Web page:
Zines

I see zine making as an extension of my art practice and an outgrowth of my interest in art products. I like making little books that I can sell cheaply. And I enjoy the zine community. For many years I participated in Montreal’s Expozine and in 2016 I exhibited at the Vancouver Art Book Fair.

My zines often combine original and found texts and images, with an emphasis on collage, photography, and painting. Some zines, like My Pet Rock, Art Is Food, and I Am Calling Today allow me to share poetic writing while other work like Kunstkammer Field Report and What Good is a Photograph? is more expository. And then you have those zines that are more conceptual like Apotheosis Ruskin and Eight Sonnets.

Pack of Zines

“Pack of Zines” is a collection of zines made between 2006 and 2020. ORDER A PACK

What Good Is a Photograph? (2020)

Kadour uses a photograph of snails eating habanero peppers in his garden and Farm Service Administration photographs taken by Gordon Parks in 1942 and 1943 to raise questions about the role of the photograph in a world flooded with images. Kadour asks the reader to consider how Roy Stryker thought about photographs as powerful tools of justice and how Gordon Parks used photography as a weapon for telling a greater truth about America. In a time of propaganda and misinformation, Kadour asks the reader to consider the role of images in their own life and to allow images to work for truth. Kadour takes a viewer-centric approach to photography, which allows the reader to develop the skills to look at images, to think about them and, ultimately, read the images as poetry. The essay includes discussions of Geoff Dyer, Dorothea Lange, Grant Wood, Jack Kerouac and Robert Frank. ORDER A COPY

Eight Sonnets (2019)

The zine features images from his “Eight Sonnets” series, accompanied by text from “Was I never yet of your love grieved” by Sir Thomas Wyatt (1503-1542). In the series, Kadour asks the viewer to consider each of the fourteen fragments composed on the cardboard as a verse in a poem. The centerfold shows the diptych, Strong Men Hold Hands & Other Acts of Kindness. Each zine features a unique for fragment collage on the cover. ORDER A COPY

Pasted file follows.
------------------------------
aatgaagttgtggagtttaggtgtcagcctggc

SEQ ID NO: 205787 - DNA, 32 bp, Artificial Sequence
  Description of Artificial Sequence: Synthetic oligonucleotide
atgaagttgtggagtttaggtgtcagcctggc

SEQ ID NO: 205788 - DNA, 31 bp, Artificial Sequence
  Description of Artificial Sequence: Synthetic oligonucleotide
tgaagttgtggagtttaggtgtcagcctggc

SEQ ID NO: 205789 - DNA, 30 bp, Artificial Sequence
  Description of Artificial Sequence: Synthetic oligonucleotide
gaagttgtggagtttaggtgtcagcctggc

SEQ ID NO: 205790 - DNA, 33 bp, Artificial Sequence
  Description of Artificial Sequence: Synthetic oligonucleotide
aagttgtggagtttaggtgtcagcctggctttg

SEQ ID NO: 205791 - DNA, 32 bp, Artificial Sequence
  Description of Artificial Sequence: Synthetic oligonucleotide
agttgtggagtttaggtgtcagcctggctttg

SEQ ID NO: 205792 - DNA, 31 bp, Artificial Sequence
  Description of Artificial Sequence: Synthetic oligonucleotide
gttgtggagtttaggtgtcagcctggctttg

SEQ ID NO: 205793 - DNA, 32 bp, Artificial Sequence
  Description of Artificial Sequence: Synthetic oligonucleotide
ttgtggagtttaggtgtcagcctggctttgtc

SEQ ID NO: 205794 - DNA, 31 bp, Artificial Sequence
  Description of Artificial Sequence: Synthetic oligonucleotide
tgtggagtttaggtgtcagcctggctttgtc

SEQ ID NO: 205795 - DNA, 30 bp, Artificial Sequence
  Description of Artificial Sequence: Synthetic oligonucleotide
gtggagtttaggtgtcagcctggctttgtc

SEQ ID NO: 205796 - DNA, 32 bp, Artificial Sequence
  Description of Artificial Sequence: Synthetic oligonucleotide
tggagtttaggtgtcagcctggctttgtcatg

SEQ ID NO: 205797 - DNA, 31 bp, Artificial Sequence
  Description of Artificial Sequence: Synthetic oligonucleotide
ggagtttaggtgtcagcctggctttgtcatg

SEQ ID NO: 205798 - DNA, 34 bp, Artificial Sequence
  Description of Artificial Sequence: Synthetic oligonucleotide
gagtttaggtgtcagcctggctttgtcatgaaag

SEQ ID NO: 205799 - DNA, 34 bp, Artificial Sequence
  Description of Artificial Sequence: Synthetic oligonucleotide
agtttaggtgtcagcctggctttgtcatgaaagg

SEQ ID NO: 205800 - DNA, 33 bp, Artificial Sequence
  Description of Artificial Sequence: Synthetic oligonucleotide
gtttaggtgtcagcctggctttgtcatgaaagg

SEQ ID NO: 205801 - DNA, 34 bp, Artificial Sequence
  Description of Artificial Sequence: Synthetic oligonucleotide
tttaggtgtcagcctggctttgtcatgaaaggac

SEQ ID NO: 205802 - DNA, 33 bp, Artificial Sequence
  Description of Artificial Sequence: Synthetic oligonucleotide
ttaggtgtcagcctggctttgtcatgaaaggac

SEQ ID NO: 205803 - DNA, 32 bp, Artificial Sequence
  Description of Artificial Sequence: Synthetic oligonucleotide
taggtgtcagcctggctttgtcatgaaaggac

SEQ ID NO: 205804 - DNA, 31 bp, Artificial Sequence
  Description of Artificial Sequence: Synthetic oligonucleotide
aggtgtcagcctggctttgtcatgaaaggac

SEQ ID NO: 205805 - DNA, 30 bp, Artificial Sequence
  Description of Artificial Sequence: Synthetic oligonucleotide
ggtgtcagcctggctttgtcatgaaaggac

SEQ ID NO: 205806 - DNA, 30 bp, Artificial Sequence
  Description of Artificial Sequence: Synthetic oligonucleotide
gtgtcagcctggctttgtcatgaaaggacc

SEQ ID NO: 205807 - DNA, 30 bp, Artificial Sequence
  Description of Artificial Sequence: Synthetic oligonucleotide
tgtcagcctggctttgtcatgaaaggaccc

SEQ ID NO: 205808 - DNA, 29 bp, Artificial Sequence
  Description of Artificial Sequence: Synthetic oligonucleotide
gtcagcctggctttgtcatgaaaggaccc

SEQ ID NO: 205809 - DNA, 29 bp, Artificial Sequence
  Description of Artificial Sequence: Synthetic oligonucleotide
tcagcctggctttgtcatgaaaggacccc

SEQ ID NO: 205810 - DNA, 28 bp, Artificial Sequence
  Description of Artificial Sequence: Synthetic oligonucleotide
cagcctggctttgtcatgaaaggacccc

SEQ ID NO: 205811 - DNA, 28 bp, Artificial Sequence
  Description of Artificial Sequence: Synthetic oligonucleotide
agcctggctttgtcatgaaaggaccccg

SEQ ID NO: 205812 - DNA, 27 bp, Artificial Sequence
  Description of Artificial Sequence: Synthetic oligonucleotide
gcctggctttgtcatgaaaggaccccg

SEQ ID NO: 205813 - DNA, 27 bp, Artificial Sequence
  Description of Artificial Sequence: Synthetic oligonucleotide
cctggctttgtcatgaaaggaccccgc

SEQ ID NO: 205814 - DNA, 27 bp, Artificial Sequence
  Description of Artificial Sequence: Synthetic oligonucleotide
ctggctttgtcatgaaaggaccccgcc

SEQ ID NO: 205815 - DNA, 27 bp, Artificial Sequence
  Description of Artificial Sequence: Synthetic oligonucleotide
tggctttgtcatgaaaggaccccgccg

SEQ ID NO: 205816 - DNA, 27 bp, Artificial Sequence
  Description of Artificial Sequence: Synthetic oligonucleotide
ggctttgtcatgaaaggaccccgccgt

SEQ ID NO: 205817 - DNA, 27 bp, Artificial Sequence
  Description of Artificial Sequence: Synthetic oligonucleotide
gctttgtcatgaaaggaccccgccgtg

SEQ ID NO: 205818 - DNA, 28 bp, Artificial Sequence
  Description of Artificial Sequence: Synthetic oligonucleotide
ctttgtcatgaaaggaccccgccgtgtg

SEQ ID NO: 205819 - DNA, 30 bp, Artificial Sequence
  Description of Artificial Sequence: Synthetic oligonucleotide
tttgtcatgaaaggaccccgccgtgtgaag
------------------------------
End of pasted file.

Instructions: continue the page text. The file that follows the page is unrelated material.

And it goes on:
Kunstkammer Field Report: Rutland (2019)

Operating from Year 2199, The Kunstkammer bends time and history by blending historical fact and imagined fictions to tell a story from the future about the present. The stories and perspective 180 years in the future will be different than what we know today. Knowledge will be gained but it will also be lost. The Kunstkammer invites the viewer to employ what writer Alexis Clements describes as art’s great technology, “to inquire about the world without being limited to facts or logic or notions of objective truth.” It also takes a nod from John Green’s Looking for Alaska, in which he observes, “Imagining the future is a kind of nostalgia.” We use our memories to imagine the potential of what may happen, but also what we can accomplish or achieve, to entertain what is possible. I invite you to enter this theater of memory and consider the future of your self and community. Nigerian novelist Chimamanda Ngozi Adichie speaks about the danger of the single story, how simple narratives of others result in a poor understanding of our complex, shared humanity. This applies as much to the coworker sitting next to us as it does to the people living on a continent across the ocean. And it applies to ourselves when we decide that our story is simple and limited. Every person can write their own story, but to do that, they must imagine all the stories that are possible. The Kunstkammer Field Report: Rutland assembles a collection of stories about the images and objects in the installation of the Kunstkammer during February and March 2019 in Rutland, Vermont. Kunstkammer Field Report: Rutland was shortlisted for Expozine Award in 2019. ORDER A COPY